Photo of our Xantrex Freedom eGen lithium battery

This is our custom lithium battery from Xantrex – the Freedom eGen. But Xantrex also makes 12V lithium drop-in batteries.

Lastly, even without these protective mechanisms, lithium batteries have another advantage. Unlike flooded lead-acid batteries (which must be installed in vented compartments due to the flammable gas they produce during their charge/recharge cycles), lithium RV batteries don’t outgas at all. As a result, they can be installed inside your RV and, thus, be better insulated from outside temperatures causing a problem.

Lithium Batteries Are More Expensive

This is true, initially. Lithium batteries do cost more to buy. However, they also last significantly longer than lead-acid batteries, so they’re often less expensive in the long run. In fact, a quality lithium RV battery can last up to ten times longer than a lead-acid RV battery.

So, over the duration of the lifetime of a lithium battery, you’d be likely to replace a lead-acid battery several times. That adds up (and can be a real pain in the neck).

Plus, because lithium batteries for RVs can be drained/discharged much lower than flooded lead-acid batteries can be (lead-acid batteries shouldn’t be drained more than 50% of their capacity before their lifespan is significantly reduced), you can typically install half as many of them.

For example, if you require 200 Ah of battery capacity, you can achieve that with two 100 Ah lithium batteries that can be drained all the way down to 0% State of Charge (SOC). With comparable flooded lead-acid batteries, you’d need to install a total of 4 x 100Ah (for a total of 400 Ah), since you can only use 50% of their capacity (400Ah x 0.5 = 200Ah of usable capacity).

Back in 2018, we created a YouTube video about our Lithium/AGM Battery & Electrical Upgrade project, in which we shared our experiences over the first 3 1/2 months of using our new systems. Spoiler: the benefits were, and have continued to be, tangible and significant.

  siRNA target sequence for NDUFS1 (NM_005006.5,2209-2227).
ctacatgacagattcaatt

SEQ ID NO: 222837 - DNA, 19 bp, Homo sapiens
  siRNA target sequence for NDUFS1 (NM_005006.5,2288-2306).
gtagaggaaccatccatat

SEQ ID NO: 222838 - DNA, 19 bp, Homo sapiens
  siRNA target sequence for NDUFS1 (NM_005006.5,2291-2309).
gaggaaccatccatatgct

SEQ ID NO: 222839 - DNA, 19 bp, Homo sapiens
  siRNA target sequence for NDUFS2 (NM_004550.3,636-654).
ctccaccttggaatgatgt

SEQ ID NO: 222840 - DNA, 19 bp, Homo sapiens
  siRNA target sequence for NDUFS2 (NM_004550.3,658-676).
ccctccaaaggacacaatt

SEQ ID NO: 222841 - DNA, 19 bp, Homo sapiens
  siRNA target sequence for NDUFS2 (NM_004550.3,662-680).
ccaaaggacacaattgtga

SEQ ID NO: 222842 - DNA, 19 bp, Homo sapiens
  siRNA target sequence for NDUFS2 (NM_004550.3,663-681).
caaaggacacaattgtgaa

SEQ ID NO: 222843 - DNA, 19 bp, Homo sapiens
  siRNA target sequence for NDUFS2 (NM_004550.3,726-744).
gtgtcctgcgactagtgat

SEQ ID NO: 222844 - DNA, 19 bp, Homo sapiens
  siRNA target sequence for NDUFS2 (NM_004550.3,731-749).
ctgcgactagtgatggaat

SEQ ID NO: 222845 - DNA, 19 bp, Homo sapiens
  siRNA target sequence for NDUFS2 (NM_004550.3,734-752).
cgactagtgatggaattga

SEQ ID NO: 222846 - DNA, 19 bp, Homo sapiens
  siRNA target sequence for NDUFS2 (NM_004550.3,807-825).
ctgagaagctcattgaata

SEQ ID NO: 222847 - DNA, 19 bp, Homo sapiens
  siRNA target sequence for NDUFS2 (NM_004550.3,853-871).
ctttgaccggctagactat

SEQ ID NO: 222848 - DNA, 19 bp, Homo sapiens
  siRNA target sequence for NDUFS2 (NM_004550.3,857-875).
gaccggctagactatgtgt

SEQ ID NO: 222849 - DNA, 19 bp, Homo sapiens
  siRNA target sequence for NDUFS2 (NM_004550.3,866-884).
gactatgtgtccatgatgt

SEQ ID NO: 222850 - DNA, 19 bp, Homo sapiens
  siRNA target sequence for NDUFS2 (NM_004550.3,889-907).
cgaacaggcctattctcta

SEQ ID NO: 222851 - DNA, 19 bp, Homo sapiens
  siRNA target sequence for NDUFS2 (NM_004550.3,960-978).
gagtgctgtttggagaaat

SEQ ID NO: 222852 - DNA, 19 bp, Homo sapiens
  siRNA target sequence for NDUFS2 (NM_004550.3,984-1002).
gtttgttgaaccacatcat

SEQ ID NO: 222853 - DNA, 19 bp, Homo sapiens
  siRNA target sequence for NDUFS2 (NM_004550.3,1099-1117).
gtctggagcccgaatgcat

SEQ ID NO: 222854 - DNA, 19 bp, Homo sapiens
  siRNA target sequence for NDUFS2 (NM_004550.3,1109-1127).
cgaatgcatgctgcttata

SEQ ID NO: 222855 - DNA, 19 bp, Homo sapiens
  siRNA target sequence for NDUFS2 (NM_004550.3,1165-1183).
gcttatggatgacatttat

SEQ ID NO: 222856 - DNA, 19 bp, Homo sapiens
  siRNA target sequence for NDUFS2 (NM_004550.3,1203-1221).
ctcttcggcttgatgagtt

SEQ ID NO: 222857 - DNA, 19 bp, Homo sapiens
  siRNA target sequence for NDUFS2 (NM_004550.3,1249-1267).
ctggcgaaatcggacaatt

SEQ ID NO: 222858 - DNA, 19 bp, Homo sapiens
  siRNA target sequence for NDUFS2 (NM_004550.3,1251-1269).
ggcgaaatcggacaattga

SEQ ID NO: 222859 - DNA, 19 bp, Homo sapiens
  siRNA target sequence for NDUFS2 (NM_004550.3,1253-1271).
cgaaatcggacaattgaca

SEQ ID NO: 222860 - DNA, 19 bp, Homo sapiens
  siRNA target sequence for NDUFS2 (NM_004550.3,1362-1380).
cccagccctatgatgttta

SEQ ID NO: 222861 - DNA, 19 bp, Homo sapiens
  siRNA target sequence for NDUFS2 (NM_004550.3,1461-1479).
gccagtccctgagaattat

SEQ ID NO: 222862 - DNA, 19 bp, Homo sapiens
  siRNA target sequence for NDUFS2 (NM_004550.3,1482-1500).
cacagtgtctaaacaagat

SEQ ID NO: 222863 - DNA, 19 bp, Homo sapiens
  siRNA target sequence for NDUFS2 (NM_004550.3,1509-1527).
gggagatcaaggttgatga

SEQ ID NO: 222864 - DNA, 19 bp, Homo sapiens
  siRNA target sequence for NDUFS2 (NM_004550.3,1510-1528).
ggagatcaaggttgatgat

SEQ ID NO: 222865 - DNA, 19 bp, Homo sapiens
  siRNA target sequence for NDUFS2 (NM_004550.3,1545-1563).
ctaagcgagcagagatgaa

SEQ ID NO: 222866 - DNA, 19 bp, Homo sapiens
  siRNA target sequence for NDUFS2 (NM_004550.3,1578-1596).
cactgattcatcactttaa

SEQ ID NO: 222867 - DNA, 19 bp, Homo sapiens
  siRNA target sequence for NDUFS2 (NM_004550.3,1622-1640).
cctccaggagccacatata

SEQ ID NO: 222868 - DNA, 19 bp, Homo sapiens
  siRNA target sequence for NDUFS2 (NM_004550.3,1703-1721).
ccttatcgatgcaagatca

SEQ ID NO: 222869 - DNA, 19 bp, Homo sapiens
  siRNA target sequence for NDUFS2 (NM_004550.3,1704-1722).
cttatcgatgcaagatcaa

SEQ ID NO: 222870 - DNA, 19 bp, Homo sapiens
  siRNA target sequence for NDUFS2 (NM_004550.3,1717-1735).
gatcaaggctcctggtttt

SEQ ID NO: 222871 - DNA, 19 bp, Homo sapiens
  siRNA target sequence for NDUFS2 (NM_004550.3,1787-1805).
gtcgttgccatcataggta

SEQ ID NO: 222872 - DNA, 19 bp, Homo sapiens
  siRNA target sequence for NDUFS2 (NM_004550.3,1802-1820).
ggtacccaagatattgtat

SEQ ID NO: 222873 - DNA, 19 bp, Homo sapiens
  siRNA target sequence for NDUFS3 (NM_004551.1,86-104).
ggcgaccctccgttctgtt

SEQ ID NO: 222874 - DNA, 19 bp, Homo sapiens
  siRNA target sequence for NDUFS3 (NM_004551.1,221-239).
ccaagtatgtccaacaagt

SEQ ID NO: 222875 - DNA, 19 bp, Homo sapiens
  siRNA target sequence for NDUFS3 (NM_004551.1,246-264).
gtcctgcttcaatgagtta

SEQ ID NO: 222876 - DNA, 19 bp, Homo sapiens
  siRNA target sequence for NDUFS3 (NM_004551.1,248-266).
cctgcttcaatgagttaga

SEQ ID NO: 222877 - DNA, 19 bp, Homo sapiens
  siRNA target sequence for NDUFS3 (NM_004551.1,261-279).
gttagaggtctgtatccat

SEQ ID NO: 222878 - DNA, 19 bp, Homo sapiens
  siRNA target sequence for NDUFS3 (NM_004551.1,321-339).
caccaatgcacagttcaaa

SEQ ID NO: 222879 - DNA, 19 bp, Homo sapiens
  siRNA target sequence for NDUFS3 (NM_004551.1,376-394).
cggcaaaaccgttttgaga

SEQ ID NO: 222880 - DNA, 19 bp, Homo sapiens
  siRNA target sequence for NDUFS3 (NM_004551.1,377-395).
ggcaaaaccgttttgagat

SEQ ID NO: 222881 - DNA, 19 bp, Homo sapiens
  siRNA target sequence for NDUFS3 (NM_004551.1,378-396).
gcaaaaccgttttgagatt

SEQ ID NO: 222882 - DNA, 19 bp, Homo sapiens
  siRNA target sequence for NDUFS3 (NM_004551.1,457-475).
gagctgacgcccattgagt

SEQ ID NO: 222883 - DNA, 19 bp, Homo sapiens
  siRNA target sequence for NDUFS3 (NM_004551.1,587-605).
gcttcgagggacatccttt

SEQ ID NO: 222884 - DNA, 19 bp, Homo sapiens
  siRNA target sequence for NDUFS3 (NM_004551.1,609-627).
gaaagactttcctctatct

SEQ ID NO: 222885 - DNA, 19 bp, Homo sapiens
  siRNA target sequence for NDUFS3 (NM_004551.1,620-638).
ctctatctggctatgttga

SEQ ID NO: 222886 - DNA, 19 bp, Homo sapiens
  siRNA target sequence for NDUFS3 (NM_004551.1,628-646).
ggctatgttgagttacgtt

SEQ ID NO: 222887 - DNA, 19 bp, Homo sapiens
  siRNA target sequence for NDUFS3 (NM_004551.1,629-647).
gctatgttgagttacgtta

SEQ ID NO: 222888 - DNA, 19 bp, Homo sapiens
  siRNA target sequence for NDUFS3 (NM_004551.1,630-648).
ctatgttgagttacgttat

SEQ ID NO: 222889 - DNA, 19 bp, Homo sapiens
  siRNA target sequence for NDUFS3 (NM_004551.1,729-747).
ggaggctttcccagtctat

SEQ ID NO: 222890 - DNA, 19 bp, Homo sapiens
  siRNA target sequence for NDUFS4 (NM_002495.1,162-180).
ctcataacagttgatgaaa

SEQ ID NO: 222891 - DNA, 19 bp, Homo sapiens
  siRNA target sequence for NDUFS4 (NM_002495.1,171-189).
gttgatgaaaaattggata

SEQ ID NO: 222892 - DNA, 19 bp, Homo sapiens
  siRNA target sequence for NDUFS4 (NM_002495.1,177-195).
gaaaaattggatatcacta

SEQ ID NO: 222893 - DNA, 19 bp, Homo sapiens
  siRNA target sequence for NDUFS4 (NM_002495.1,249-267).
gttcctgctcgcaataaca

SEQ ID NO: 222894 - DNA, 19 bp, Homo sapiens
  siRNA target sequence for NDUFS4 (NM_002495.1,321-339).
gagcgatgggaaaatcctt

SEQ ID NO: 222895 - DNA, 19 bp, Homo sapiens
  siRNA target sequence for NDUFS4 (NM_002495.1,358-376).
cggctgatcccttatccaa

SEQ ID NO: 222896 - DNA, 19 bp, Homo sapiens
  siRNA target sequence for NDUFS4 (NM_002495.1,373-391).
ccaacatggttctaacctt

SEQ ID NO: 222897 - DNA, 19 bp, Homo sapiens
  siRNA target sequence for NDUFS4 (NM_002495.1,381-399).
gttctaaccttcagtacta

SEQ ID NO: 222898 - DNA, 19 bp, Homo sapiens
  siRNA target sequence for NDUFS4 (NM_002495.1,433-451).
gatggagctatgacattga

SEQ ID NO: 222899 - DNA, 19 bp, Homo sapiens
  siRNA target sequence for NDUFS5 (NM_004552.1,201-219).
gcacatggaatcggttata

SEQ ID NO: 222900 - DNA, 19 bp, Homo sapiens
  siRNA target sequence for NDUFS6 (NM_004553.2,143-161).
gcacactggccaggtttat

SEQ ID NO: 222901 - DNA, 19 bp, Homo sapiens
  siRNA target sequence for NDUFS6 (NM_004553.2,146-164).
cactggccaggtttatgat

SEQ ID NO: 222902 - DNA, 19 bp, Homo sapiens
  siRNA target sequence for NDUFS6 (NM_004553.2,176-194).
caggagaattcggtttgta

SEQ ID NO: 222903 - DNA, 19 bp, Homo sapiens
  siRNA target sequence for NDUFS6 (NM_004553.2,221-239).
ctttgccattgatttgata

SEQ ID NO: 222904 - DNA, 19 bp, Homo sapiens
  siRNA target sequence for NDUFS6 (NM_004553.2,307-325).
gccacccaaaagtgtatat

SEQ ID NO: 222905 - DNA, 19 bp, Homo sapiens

And, if you really want a deep dive into the pros & cons of the various battery types, we gave a (long!) talk on the subject at the 2019 Xscapers Annual Bash… comparing and contrasting the benefits and limitations of standard flooded lead-acid batteries, AGM (Absorbed Glass Matt) batteries, and lithium. Grab a drink, sit back, and enjoy the video:

Have You Made the Switch to Lithium Batteries for Your RV?

If you’ve made the switch to lithium batteries for your RV, feel free to tell us about your experience. Drop us a comment and share your thoughts. Or, if you’re against it, let us know that, too! We’re curious to hear what you have to say!

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Don Ritter

Tuesday 6th of September 2022

Hi Gentlemen! I just purchased a 1988 Ford E-250, 19' Motor Home. I want to install Lithium Batteries, & Solar Panels. I got a 2800 Onan generator, & I'm not sure how to put the 2 systems together. I live in Central Pa., & was wondering who could help figure out the perfect combination of Panels, & batteries for thus small RV?


Tuesday 6th of September 2022

Hi Don! Congratulations on your new rig! It sounds like you've got the right idea... boondocking! We have a question for you... are you planning to install a system yourself, or are you looking for an installer? We might be able to recommend a good number of watts & amps to go with, but the installation part is a real challenge because we're not there... and because our installation abilities tend to be a little limited, with only our own RV under our belts. 😉

Larry Lee

Tuesday 24th of May 2022

Almost 1 year ago I installed 3 Battle Born batteries in our motorhome. Expensive? Yes. Worth it? Yes. Reasoning: we live full time in our motorhome so we need reliable electricity and fast charging batteries. Not many articles point out the steady voltage output of lithium batteries which is a noticable advantage for us but probably not for "3 or 4 weeks out of the year" campers. Lithium does require an adjustment to the charging voltage, but Battle Born support is very helpful for that. Also since Lithium can really suck up charging amps when they are low, it is crucial to protect your alternator from excess amp load.once everything is set up, it has been wonderfully consistent and both worry free and maintenance free. Larry


Tuesday 24th of May 2022

All good points, Larry. Glad you're out there enjoying!

Mark Eckman

Monday 23rd of May 2022

This was the piece I needed to clear my mind from the junk that appears on the internet. Now searching for the right combination for our rig.

Mark Eckman

Monday 23rd of May 2022

just saw this poll on IRV2 about "Are you happy with your LiFePo4 Lithium battery system?" and thought I'd share. Looks like a lot of people still have some issues.